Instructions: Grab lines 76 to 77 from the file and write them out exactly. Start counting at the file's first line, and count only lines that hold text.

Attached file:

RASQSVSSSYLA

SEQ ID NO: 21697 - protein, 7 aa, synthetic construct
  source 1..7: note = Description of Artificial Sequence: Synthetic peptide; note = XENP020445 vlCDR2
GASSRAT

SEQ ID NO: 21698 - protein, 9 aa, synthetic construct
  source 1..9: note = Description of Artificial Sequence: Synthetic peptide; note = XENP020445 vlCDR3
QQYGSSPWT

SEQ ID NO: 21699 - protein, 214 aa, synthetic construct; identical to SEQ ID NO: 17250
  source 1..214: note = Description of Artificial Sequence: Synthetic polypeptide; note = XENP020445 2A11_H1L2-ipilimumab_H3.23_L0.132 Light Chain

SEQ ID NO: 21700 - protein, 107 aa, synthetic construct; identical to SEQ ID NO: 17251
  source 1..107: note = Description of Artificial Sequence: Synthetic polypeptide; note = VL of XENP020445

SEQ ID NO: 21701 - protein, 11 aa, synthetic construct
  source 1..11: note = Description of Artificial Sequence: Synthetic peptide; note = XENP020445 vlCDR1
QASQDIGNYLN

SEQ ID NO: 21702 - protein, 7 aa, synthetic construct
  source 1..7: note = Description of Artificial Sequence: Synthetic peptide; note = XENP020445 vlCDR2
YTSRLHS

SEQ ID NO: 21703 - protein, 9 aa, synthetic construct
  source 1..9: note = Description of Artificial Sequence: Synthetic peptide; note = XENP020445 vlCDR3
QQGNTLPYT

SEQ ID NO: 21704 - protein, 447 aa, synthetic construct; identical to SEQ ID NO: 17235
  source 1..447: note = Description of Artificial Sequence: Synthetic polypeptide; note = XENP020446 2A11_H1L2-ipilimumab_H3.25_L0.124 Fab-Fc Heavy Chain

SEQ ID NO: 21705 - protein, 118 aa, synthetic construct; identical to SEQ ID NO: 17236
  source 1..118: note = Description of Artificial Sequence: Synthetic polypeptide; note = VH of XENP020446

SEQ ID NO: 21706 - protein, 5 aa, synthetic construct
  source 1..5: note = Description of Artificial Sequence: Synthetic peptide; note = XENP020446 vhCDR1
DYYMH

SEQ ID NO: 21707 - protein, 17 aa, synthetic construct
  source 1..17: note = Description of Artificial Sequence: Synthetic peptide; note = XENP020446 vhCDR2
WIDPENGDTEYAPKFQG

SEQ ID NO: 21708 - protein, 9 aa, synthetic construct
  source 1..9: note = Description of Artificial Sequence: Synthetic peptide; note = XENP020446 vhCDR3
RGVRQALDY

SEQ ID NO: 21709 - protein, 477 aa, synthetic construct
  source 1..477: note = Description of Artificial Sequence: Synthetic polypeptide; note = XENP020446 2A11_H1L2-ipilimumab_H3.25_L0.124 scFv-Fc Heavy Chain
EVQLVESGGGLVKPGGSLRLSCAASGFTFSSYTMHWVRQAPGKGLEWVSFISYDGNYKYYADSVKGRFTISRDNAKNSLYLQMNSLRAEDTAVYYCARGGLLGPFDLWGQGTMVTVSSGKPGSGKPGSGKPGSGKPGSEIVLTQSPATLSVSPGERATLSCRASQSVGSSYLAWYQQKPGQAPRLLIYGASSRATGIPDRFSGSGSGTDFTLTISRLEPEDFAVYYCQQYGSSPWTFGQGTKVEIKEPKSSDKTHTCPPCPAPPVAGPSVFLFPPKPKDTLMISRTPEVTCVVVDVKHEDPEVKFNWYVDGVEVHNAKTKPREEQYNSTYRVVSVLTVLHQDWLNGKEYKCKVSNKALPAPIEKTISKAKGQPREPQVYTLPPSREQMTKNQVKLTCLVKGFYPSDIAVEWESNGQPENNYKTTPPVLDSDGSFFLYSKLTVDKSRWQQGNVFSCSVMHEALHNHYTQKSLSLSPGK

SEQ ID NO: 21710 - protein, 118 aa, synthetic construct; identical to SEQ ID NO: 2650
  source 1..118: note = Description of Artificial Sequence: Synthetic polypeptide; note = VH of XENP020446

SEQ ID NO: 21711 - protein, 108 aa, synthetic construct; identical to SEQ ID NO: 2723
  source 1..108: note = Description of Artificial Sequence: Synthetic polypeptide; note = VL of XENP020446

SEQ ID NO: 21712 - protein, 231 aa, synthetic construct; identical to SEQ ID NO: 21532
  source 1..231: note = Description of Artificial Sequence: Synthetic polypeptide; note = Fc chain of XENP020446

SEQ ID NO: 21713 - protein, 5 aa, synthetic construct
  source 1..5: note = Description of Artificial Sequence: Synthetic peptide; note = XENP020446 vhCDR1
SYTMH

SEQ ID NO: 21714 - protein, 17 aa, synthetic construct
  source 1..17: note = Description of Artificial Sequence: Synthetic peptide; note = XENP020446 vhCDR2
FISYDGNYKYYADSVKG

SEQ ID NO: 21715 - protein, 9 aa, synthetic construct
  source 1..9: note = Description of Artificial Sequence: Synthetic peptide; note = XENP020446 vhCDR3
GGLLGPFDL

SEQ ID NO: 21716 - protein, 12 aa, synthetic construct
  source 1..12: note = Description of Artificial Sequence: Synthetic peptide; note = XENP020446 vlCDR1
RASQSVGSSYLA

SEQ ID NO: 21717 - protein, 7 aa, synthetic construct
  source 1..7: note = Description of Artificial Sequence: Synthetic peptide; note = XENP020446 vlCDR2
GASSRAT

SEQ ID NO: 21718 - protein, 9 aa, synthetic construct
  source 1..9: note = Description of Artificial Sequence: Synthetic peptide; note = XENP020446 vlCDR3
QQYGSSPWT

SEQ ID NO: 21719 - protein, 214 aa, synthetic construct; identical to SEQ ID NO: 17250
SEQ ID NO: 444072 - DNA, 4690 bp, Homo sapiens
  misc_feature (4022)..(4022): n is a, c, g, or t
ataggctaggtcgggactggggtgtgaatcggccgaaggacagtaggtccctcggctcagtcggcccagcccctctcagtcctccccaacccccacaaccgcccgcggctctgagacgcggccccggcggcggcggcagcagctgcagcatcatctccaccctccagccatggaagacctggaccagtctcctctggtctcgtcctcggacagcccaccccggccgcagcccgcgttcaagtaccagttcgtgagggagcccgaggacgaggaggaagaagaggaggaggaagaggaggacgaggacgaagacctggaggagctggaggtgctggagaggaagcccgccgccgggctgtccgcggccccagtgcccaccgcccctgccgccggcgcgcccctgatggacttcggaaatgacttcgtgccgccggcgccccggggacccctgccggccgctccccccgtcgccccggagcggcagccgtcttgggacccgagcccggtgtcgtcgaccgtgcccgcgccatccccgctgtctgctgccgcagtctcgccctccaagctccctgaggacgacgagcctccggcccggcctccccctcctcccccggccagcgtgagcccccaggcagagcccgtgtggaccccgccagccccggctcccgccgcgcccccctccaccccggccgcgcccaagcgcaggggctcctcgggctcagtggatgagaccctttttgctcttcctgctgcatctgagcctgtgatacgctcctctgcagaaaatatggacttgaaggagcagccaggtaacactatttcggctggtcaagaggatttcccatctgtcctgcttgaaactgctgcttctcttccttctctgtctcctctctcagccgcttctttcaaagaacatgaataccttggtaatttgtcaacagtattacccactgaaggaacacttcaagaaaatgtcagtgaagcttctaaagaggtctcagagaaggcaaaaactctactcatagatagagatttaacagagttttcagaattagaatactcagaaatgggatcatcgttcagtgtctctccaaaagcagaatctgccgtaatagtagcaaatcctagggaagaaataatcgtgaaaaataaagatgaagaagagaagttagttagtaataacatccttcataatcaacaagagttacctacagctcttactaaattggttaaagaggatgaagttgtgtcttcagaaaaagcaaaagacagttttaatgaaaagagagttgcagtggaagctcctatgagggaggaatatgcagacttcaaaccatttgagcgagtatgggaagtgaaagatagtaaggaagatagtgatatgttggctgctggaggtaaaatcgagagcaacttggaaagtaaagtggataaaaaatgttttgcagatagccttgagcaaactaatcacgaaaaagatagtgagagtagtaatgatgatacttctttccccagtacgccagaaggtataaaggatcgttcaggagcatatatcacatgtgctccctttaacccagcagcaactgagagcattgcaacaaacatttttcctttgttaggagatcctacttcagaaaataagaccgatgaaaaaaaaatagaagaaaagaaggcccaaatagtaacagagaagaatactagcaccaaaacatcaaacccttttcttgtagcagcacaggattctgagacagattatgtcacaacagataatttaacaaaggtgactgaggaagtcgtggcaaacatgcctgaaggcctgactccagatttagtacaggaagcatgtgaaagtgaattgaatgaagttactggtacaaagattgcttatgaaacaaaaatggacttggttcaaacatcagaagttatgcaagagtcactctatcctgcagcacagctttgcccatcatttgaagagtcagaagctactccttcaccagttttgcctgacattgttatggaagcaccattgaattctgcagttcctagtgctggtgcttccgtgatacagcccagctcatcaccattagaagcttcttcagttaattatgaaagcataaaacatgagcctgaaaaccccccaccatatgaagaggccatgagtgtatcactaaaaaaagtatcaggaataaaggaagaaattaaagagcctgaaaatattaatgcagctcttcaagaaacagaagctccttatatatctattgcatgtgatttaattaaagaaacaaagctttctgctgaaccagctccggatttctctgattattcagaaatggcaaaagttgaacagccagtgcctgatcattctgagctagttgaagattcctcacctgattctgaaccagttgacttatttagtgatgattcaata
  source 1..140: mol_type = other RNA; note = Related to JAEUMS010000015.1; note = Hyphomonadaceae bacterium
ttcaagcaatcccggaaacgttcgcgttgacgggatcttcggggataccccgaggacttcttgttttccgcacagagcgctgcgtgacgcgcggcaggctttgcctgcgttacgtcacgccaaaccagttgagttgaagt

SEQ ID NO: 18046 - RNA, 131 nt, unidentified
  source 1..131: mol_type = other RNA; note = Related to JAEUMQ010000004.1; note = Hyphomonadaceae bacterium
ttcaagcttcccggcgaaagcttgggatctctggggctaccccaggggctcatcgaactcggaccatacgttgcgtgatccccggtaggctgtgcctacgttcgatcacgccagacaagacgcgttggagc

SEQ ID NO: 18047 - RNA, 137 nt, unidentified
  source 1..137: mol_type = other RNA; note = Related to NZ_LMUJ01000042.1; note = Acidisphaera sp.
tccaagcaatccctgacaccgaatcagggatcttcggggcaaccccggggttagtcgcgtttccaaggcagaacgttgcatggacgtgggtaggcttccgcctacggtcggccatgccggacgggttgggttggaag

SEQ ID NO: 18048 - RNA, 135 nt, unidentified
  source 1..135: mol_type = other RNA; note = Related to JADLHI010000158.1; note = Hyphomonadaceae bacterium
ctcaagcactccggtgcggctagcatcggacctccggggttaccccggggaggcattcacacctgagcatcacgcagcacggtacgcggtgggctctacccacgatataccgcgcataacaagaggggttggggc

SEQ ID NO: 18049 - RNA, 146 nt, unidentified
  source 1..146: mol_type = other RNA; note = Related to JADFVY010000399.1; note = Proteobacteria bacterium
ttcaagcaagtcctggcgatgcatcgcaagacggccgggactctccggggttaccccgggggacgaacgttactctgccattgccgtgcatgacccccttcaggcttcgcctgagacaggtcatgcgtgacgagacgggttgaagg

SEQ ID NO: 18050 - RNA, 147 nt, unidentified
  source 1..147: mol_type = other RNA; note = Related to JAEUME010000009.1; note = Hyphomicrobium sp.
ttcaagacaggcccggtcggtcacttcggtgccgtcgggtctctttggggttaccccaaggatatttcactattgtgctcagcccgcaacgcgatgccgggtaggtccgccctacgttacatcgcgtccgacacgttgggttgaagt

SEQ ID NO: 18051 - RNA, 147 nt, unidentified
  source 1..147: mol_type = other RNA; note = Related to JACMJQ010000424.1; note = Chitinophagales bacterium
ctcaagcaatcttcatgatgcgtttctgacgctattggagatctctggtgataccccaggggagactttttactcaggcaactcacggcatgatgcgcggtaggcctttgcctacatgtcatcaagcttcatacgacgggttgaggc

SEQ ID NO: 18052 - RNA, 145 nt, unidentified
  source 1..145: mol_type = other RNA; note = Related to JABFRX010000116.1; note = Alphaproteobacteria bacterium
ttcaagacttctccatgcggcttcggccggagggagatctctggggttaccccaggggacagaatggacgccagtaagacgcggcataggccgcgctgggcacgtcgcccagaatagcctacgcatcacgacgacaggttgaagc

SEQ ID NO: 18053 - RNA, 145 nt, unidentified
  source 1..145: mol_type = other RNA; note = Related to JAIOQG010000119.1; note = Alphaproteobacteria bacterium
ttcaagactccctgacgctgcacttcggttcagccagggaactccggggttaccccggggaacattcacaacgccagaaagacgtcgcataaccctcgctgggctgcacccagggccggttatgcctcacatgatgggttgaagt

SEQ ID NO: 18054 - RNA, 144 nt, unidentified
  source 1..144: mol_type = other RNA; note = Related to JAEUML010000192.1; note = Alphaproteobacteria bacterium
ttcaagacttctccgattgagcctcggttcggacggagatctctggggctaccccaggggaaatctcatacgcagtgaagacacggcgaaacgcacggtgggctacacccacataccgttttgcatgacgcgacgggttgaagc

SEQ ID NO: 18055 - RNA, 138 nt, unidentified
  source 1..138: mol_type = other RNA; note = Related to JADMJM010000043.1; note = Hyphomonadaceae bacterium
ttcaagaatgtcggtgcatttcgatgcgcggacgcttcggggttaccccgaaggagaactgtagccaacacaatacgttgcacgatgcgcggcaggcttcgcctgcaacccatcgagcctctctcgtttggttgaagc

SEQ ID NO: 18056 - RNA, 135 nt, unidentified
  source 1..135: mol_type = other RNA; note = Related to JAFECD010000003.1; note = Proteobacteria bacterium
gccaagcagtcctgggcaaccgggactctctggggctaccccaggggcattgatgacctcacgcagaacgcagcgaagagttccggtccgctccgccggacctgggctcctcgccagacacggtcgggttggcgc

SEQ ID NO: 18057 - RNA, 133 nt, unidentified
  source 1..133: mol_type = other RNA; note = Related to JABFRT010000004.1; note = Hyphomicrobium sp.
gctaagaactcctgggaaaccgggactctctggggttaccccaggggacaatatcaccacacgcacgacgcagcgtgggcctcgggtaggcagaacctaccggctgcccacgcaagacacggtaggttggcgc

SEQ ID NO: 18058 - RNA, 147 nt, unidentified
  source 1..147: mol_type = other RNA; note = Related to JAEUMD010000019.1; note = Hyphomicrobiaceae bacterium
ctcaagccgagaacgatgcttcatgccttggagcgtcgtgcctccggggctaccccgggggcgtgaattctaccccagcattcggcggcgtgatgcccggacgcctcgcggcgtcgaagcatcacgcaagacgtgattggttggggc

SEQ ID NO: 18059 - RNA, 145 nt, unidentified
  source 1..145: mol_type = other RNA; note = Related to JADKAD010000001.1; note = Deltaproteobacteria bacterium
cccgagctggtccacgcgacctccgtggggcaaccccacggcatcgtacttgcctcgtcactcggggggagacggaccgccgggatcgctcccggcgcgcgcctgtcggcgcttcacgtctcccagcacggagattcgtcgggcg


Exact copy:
SEQ ID NO: 18049 - RNA, 146 nt, unidentified
  source 1..146: mol_type = other RNA; note = Related to JADFVY010000399.1; note = Proteobacteria bacterium